- Paul McNally
A new vaginal gel was announced at the international Aids conference in Vienna last month. The gel contains 1% of an antiretroviral drug called tenofovir, which a recent study said could cut down the spread of HIV infection in women by 39%. This scientific development is important, and I don’t want to undermine the technical achievement – it is going to save a serious number of lives. But it represents an opportunity for HIV-ravaged countries to wash their hands of how men deal with sex. The standing ovation at the Aids conference leaves behind a fear that we’re about to abandon the work on changing attitudes towards sex, and in turn how women experience sex as well.
The goal of the gel was to accommodate women who are unable to negotiate condom use. According to a study by UNAids, most of the world’s women are in this position. South African health minister Aaron Motsoaledi said he would flag the gel’s clearance into clinics to be fast-tracked, an approach erring on the side of damage control: the image is of a woman down on the floor being kicked and now we have given her some armour, with a subtle acknowledgment that we are all powerless to stop the kicking.
There are legitimate reasons as to why Aids claims the lives of 1000 people a day in countries such as South Africa: an economic gap between the genders, shame of infection, inconsistencies in public policy and lack of healthcare infrastructure. Yet the excitement around the gel’s existence is a tacit endorsement that male enjoyment of sex is beyond reproach, and that he can not be taught how to practice safer sex. Isn’t the joy around this medical triumph partly fuelled by a relief that we won’t have to wrestle with this guy’s social challenges any more?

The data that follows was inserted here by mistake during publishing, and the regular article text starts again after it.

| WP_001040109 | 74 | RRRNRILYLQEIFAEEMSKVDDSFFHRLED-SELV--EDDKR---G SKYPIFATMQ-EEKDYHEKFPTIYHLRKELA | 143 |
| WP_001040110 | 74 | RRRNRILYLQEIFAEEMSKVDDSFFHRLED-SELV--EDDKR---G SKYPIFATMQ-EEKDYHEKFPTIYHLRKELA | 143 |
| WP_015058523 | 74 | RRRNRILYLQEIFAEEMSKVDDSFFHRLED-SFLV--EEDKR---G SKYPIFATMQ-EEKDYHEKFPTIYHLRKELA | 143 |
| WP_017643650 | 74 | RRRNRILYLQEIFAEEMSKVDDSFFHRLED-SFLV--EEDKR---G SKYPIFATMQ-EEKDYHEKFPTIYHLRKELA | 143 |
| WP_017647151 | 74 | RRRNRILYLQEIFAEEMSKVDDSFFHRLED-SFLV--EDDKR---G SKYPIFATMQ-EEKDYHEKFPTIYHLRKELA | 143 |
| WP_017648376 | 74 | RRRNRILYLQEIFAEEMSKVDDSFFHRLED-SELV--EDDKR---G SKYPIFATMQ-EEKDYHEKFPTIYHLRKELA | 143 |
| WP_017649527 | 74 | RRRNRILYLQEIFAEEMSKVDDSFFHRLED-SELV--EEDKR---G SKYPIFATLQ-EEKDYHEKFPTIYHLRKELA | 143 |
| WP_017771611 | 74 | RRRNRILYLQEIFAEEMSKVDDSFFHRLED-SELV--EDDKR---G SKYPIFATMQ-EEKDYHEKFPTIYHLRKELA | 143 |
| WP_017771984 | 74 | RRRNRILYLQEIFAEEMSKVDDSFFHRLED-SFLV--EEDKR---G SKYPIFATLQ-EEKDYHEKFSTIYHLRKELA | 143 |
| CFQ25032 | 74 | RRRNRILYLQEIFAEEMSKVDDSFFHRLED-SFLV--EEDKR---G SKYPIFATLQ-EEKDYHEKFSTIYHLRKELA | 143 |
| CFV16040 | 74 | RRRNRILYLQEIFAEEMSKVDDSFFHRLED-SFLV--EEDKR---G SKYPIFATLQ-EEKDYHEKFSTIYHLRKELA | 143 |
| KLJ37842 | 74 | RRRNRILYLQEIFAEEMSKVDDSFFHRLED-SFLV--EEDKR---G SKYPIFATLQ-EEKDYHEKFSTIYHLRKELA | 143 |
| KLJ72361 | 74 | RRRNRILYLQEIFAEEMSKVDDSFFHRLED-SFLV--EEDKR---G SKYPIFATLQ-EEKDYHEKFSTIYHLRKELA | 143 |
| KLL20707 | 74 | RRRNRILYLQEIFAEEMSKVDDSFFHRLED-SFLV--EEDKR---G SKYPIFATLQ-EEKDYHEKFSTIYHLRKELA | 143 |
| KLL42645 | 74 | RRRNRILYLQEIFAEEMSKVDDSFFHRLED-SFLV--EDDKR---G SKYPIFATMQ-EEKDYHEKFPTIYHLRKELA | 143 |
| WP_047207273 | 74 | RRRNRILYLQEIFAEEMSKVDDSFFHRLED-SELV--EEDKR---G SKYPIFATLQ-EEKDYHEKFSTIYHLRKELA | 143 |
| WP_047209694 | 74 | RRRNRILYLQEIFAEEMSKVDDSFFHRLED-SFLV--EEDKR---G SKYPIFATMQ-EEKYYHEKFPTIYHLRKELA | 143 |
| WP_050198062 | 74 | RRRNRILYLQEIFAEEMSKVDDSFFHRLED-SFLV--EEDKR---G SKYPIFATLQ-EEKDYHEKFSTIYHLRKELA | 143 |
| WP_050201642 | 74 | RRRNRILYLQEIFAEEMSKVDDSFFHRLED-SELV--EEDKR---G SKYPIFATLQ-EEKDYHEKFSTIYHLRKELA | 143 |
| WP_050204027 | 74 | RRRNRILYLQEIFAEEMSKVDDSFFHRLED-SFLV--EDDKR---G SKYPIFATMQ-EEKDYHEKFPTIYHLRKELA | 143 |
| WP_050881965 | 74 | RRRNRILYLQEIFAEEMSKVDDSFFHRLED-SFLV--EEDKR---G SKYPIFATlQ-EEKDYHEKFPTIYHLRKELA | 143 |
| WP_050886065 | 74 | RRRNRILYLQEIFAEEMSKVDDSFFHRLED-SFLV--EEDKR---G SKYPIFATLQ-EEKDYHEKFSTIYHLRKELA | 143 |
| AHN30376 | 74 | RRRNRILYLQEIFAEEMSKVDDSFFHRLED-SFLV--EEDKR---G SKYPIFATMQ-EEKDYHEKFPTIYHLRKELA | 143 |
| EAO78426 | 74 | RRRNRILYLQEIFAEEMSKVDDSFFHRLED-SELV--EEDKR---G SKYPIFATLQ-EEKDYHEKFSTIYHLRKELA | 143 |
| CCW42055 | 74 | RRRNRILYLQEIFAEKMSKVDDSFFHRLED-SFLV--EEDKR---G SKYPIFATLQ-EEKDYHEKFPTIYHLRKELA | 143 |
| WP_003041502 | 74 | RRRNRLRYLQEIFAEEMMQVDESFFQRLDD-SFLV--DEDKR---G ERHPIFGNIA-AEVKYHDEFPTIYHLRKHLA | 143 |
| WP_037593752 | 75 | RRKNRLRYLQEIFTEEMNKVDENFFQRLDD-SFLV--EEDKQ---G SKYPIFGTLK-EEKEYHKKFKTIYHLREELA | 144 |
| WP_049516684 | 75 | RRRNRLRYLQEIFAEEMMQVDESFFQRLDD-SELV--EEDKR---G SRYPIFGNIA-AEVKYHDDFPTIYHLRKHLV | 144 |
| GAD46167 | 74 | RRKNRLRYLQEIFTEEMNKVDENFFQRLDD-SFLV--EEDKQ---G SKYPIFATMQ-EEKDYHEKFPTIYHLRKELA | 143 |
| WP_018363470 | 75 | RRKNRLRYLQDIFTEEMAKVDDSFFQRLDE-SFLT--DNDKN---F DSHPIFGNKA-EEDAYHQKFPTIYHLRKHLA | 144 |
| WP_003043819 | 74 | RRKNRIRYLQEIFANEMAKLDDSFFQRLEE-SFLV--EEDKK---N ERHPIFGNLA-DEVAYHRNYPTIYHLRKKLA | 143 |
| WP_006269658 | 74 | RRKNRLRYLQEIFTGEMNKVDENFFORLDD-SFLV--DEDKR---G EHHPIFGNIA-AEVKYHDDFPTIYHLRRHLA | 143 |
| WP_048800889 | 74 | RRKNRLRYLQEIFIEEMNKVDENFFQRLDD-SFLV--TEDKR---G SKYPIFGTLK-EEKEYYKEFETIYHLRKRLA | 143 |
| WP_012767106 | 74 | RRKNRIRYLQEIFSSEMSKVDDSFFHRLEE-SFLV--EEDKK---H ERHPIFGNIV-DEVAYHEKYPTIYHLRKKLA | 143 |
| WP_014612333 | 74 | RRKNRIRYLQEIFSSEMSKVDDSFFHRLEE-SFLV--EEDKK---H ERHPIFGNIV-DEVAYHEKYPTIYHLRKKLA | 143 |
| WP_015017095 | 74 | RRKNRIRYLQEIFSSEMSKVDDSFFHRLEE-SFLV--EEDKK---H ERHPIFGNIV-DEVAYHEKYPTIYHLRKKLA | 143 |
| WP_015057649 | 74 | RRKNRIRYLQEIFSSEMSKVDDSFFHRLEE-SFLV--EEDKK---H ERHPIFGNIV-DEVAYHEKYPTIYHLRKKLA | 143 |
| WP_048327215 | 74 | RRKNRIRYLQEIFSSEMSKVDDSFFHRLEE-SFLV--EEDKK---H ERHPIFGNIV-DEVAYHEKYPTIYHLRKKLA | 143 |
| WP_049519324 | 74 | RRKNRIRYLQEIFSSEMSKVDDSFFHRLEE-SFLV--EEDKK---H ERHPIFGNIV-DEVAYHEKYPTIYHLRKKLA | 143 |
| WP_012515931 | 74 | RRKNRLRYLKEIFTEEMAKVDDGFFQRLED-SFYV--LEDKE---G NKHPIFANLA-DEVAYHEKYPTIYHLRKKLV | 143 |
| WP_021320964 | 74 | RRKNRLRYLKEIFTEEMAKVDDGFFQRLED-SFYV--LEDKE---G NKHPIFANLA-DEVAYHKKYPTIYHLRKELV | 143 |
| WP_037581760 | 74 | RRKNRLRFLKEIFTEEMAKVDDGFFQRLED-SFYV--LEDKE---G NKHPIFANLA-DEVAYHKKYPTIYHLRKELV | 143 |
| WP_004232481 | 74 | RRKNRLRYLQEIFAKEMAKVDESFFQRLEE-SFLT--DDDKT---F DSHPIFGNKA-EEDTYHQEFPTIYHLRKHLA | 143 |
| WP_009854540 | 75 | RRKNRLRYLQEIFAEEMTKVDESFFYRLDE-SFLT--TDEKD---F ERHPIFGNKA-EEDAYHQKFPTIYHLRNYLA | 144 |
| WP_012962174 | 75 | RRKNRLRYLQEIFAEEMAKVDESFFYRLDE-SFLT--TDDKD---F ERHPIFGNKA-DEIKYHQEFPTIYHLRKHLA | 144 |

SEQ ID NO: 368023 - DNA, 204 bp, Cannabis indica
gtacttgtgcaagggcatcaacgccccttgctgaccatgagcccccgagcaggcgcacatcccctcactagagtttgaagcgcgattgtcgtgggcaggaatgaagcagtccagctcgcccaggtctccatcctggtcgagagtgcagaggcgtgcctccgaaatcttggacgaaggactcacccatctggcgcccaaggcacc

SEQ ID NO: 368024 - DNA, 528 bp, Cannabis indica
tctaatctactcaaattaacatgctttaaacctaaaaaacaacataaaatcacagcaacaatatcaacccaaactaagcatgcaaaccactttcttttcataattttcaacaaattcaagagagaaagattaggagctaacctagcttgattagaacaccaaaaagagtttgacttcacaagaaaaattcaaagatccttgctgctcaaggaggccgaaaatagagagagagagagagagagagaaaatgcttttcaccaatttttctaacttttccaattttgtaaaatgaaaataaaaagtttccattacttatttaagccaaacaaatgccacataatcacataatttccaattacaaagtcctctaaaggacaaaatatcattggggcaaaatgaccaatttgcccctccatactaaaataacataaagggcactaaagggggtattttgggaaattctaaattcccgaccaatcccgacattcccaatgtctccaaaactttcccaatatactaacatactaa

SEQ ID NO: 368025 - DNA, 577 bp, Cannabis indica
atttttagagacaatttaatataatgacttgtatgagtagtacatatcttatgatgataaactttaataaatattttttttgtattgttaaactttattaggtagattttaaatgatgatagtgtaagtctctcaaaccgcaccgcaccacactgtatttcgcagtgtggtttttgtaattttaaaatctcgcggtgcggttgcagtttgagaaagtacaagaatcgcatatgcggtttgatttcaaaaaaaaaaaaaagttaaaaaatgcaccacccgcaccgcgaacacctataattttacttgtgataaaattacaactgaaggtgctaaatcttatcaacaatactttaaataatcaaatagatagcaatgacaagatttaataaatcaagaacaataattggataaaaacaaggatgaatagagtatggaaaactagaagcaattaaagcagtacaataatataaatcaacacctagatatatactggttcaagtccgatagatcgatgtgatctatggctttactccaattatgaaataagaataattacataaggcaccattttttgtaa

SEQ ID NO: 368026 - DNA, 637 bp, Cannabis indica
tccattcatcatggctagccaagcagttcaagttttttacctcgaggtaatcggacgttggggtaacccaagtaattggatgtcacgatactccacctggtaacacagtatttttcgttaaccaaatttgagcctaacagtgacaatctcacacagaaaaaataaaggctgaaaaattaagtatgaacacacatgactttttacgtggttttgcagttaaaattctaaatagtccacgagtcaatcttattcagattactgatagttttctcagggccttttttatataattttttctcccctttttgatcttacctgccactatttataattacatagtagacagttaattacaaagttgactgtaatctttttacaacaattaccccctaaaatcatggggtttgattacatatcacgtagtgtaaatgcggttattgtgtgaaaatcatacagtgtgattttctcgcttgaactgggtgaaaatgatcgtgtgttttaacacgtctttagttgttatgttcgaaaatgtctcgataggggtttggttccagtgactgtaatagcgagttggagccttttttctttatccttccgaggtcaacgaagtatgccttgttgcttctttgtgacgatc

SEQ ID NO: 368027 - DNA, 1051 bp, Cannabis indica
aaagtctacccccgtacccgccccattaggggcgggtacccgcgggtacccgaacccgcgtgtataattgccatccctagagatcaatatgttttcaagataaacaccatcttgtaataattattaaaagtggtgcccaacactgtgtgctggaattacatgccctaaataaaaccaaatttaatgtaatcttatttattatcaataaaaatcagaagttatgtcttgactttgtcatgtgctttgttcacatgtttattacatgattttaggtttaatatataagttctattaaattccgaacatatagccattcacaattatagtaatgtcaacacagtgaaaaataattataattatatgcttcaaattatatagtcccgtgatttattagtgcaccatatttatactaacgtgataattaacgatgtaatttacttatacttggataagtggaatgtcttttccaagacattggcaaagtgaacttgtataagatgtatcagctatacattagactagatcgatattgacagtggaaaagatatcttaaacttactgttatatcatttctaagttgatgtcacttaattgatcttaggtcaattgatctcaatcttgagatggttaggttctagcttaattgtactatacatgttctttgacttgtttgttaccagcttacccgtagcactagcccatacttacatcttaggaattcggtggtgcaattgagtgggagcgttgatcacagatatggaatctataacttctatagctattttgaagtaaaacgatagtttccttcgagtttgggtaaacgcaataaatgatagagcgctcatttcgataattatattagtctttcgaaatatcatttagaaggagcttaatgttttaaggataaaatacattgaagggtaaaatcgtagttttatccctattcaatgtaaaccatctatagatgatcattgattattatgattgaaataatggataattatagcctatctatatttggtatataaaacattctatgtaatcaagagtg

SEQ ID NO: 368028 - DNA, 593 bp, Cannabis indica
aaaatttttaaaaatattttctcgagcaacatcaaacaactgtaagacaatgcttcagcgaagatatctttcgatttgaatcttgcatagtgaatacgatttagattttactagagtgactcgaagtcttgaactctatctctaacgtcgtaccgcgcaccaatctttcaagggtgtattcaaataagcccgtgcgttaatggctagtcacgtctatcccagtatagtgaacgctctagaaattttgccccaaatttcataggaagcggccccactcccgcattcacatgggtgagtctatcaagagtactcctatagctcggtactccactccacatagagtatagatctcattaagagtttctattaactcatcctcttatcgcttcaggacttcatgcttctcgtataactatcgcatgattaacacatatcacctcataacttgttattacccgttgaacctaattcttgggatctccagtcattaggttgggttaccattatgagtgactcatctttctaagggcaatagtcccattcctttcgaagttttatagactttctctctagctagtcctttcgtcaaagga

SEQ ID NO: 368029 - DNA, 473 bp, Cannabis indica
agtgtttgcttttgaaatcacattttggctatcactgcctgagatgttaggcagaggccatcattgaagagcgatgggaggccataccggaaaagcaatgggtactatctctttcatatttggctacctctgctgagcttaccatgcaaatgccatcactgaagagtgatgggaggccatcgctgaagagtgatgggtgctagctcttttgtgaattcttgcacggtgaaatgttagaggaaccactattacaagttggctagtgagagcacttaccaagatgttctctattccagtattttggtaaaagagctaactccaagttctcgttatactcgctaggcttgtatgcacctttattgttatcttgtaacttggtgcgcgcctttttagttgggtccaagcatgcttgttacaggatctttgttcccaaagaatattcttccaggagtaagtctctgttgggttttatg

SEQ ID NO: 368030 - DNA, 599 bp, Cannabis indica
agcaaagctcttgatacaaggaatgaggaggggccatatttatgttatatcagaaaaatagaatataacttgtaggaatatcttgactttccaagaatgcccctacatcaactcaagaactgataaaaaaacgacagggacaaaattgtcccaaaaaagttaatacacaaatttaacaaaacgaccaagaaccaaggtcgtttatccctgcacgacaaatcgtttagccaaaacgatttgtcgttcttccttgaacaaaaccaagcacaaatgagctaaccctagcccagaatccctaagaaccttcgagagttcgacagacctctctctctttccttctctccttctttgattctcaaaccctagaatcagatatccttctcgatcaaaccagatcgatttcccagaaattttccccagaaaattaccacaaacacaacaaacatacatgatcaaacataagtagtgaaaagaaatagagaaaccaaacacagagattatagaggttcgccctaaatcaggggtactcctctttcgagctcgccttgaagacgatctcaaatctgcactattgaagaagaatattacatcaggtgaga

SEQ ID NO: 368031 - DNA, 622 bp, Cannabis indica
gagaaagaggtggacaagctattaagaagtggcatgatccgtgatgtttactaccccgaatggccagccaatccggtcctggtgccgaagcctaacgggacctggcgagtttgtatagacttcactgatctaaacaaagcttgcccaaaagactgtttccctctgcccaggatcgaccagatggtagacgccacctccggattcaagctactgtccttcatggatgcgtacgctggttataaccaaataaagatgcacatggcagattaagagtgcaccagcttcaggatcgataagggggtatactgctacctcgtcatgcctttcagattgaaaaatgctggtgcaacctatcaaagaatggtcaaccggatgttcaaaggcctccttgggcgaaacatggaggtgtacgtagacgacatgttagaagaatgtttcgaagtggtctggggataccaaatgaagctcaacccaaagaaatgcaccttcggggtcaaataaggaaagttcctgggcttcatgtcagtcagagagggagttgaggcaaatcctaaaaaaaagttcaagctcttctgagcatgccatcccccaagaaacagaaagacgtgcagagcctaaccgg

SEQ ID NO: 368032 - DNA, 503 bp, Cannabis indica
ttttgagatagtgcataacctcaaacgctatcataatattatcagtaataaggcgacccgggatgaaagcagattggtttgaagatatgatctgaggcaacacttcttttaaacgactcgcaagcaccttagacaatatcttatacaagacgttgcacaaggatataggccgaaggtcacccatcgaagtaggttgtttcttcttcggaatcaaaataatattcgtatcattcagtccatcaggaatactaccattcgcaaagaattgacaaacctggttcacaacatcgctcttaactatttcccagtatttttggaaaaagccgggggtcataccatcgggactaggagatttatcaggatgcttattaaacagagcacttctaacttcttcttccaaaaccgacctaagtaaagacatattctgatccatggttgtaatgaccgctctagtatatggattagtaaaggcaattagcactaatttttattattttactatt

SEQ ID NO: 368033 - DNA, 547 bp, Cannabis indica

It was even mentioned in the study, quite proudly, that the men claimed to not be able to feel any pleasure difference during sex when using the gel. South Africa has a government health department implying that huge funds and research should go into making allowances. It’s as if science is ready to bow to these proclivities, rather than continue to dismantle them. It could be argued that it’s too late for social pleasantries. Cynically: they have been given education and funding to practice safe sex and they failed.
If the success rate of the gel doesn’t go above 39% then it isn’t going to replace the condom (which is 98% effective with perfect use, and 85% effective with typical use), but simply help a coupling that had no protection initially. The gel is going to be popular in the direst of circumstances, and for this reason it’s not going to take off in developed countries. People that are taking precautions with more consensual sexual habits are going to want a higher effectiveness percentage.
The gel might be seen as a quick-fix where it is sexual education that is needed the most. While the percentage stays low, there may be a continuing plea to assist the men who are impoverished and uneducated, but if it becomes more effective (which would be brilliant to lower infection) then the armour will be sufficient, leaving women to bear the brunt of their sexual safety.